Monday, September 26, 2016

First Friday: October 7, @ the USF Library

First Friday October 7
Please join ATLE and several of our partners for our inaugural First Friday set of workshops, now slated for October 7. Come for conference-style breakout sessions, plus a free lunch! Topics include:
·         Engage Your Students Through Active Learning 
·         Getting Students Globally Engaged at USF
·         Enhancing Online Academic Integrity 
·         From Syllabus to Passport
·         Engaging Students Through Peer Instruction
·         Accessibility of On-line Content and Students with Disabilities
·         Fostering Grit and Persistence in Your Students
·         Leveraging Undergraduate Research to Enhance Your Course
·         Open Education Resources: What They Are, Where to Find Them, and How Can You Use Them?
·         Proactive Strategies for Student Success
·         Service-Learning: What It Is and Why You Should Be Doing It
·         Using Questions to Promote Critical Thinking 
We’ll do similar events in November, February, March, and April. Those who attend at least 12 of the individual workshops at these events will earn a certificate noting their 2016-2017 ATLE Professional Development Distinction (and we have will special surprises for those with the very highest attendance as recorded by the end of the year).

If you are a USF instructor, register here to attend the October 7 First Friday:  

Friday, September 16, 2016

Tech Camp, Wed. Sept. 21, 2016 @ LIB 309, USF

Tech Camp

Tech Camp is an informal, day-long, drop-by seminar, held each fall, where various technologies for teaching are demonstrated. Each technology is shown in an academic context, but the "how to" is left for the Technologies for Teaching comprehensive booklet (or follow-up consultations with ATLE on an individual basis, as desired). We focus on showing "what is possible" in these 15-minute parlor sessions.
Tech Camp for fall 2016 will be held on Wednesday, September 21st at LIB 309. Please click here to register.

Technologies Demonstrated: Fall 2016

9:00 - Clickers and Plickers
9:15 - PollEverywhere
9:30 - Online Collaboration (Dropbox, Padlet,
9:45 - Evernote
10:00 - Prezi
10:15 - PowerPoint hacks –black screen, jump slides, PPT control from a smartphone-Slideshare
10:30 - BB Collaborate Ultra
10:45 - Video Tutorials (Screencast-O-Matic)
11:00 - Recorded PowerPoint Movies
11:15 - Panopto
11:30 - Respondus
11:45 - Atomic Learning
12:00 - Office Mix
12:15 - Qualtrics
12:30 - Blogs (Blogger, Wordpress) and Wikis (Wikispaces, GoogleSites)
12:45 - Podcasts (Mp3, iTunes, Audacity)
1:00 - Story sites (Storybird, Story Jumper)
1:15 - Social Media used academically (Facebook, Twitter)
1:30 - Royalty-free images and music (Compfight, Incompetech)
1:45 - Word clouds (Wordle, Tagxedo, Tagul) and Game Creators (ProProfs BrainGames, Quizboxes, YoYo Games)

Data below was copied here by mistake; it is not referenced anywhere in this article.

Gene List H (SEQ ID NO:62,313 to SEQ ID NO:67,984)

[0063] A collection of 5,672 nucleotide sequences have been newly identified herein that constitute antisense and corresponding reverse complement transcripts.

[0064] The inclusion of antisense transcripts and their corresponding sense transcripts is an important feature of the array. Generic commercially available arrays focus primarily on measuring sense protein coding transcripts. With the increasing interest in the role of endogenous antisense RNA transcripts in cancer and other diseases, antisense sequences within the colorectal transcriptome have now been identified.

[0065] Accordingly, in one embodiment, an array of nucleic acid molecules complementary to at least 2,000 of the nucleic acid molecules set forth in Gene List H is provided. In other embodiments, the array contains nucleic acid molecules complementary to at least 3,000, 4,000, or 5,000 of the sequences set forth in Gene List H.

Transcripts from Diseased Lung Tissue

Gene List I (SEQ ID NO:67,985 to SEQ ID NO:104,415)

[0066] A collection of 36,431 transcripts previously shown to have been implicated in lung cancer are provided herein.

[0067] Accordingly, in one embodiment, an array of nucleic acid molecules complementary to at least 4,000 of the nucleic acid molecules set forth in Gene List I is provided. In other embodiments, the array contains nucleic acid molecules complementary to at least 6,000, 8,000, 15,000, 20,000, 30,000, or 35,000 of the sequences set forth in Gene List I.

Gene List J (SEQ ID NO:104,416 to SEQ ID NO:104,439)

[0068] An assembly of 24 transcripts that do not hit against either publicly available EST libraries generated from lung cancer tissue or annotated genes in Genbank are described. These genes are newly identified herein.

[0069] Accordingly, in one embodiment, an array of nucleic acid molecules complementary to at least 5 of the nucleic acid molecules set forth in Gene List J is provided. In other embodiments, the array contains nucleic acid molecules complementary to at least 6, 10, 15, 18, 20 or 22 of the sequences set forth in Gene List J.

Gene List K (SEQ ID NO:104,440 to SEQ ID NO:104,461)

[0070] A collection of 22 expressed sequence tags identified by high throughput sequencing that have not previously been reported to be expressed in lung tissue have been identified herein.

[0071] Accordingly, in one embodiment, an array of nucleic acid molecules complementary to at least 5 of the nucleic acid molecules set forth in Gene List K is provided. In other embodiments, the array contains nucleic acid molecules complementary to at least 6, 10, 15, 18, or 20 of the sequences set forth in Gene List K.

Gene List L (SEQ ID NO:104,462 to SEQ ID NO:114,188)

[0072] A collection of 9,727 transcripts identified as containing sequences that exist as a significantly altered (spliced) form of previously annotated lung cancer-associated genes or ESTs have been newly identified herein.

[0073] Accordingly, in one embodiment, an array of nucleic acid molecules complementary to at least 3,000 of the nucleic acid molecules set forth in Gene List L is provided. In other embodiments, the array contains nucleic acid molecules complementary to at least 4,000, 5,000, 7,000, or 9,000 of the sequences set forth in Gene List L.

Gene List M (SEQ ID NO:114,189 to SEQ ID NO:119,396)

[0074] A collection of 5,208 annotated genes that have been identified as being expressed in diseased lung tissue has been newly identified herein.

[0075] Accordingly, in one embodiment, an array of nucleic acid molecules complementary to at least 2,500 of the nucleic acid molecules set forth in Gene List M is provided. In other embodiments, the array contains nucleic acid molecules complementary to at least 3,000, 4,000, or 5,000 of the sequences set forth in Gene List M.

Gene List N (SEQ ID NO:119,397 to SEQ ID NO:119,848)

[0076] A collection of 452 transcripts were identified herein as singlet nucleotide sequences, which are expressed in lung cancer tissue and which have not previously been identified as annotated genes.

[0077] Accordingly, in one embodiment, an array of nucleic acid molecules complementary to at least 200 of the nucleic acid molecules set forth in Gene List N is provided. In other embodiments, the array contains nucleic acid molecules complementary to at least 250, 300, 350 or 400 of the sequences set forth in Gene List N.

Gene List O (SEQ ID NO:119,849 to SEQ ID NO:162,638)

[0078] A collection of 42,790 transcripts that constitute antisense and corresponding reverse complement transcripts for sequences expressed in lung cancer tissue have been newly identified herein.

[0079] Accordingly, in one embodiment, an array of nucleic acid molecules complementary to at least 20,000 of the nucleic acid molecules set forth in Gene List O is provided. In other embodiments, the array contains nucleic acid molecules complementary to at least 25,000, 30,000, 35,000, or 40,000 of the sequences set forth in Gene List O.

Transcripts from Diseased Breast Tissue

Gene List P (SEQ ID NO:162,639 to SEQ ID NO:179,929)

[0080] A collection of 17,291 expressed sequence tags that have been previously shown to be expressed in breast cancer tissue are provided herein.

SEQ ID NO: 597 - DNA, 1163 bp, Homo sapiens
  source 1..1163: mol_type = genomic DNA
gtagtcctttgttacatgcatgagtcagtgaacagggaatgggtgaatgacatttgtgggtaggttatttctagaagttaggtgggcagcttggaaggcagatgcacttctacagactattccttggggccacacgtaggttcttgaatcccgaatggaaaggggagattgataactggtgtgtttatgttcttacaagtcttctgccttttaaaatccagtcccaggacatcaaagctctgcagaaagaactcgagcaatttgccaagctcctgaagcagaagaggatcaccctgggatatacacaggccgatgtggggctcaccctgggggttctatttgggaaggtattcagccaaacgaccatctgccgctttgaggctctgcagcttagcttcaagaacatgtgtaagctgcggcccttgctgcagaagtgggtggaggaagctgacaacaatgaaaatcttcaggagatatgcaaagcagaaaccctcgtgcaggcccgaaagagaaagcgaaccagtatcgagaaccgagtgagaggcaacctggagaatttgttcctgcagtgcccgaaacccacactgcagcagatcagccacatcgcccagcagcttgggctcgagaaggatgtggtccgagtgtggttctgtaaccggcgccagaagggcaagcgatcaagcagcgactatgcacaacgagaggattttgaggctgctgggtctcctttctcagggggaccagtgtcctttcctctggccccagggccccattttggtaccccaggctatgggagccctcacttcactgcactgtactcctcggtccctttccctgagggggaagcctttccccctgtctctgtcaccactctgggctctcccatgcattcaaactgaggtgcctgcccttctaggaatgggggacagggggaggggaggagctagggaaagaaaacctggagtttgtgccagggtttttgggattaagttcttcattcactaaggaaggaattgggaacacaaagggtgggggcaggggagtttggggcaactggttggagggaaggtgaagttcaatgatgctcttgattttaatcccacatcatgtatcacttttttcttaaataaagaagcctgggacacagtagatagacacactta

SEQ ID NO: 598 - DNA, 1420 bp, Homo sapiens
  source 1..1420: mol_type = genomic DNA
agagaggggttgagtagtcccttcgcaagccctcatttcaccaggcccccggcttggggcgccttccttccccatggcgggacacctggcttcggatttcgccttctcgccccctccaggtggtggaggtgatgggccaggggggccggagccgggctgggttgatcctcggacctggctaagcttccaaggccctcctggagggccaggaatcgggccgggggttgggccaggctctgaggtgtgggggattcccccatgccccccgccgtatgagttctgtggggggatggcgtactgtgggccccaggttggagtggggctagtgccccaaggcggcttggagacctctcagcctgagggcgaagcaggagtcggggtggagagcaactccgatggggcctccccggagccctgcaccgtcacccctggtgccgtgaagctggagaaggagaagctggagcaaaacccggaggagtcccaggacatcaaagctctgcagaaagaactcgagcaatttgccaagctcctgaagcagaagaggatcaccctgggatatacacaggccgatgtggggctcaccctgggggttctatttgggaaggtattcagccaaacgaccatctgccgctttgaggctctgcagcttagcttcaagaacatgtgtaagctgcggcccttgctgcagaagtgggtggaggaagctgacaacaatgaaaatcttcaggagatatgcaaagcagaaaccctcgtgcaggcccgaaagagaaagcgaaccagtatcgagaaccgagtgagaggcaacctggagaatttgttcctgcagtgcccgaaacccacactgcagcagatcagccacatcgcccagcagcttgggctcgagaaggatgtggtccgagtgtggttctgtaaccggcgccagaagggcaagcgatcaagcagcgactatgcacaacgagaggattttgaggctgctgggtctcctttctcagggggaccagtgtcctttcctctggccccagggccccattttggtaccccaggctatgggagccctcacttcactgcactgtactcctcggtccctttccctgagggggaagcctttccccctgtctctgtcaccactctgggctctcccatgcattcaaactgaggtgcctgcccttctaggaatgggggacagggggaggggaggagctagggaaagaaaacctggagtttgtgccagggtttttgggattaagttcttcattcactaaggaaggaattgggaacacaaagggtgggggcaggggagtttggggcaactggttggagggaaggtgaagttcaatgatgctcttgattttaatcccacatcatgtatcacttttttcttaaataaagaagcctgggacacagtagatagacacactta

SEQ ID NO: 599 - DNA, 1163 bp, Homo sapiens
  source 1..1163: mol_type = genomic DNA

2:00 - Image Hacks (Clipping Magic, Gigapan, TinEye)
2:15 - Slideshow movies (Kizoa, Animoto, Photo Story 3) and Online Quizzes (Socrative, Kahoot, Quizlet)
2:30 - Avatars (Voki, Second Life, VoiceThread) and Story Assembly (Bubblr, Storify)
2:45 - Visual tools (StripCreator, Visuwords, Photosynth)
3:00 - Google Services (Hangouts, Drive, Skype, Adv Search, Forms)
3:15 - Proctorio
3:30 - Closed Captioning in YouTube videos

Thursday, September 15, 2016

Teaching and Learning Links of the Week: September 15, 2016

A roundup of four intriguing or informative posts and articles from around the internet:

“A Dose of Reality for First-Year Students and How We Can Help”

A few reminders of what first time in college students might be thinking and experiencing and what we as instructors can do to help them succeed.

“Decision Time”

A Study of tens of thousands of college students finds that those who were open to change their major were more likely to graduate than those who decided right away.

“Chemistry, Life, the Universe, and Everything: A New Approach to General Chemistry, and a Model for Curriculum Reform”

Melanie Cooper and Michael Klymkowsky present a model for curriculum development based on five questions: (i) What should students know? (ii) In what order should they learn it? (iii) What do students bring with them to the course? (iv) What materials are best suited for different purposes? and (v) How can student understanding be assessed?

“The New Cheating Economy”

A look at the modern underground economy of cheating that offers not just a customized paper or one-off assignment, but often the entire online class.  

Monday, August 15, 2016

Teaching and Learning Links of the Week: August 15, 2016

A roundup of four intriguing or informative posts and articles from around the internet:

"Exit Tickets Open the Door to University Learning"

Several instructors from a mid-western university implemented exit tickets in their university courses. You can find the results of their study here:

“PA012: Time Management Tips for Online Faculty”

Find a collections of tips that will help you streamline your work at:

"The Baby-Before-Tenure Question"

Patricia Maurice answers a relevant question for new faculty members:

"Mentoring Undergraduate Research: Student and Faculty Participation in Communities of Practice"

This article presents the potential challenges and benefits of having undergraduate students engage in in research from both professors and students’ perspectives: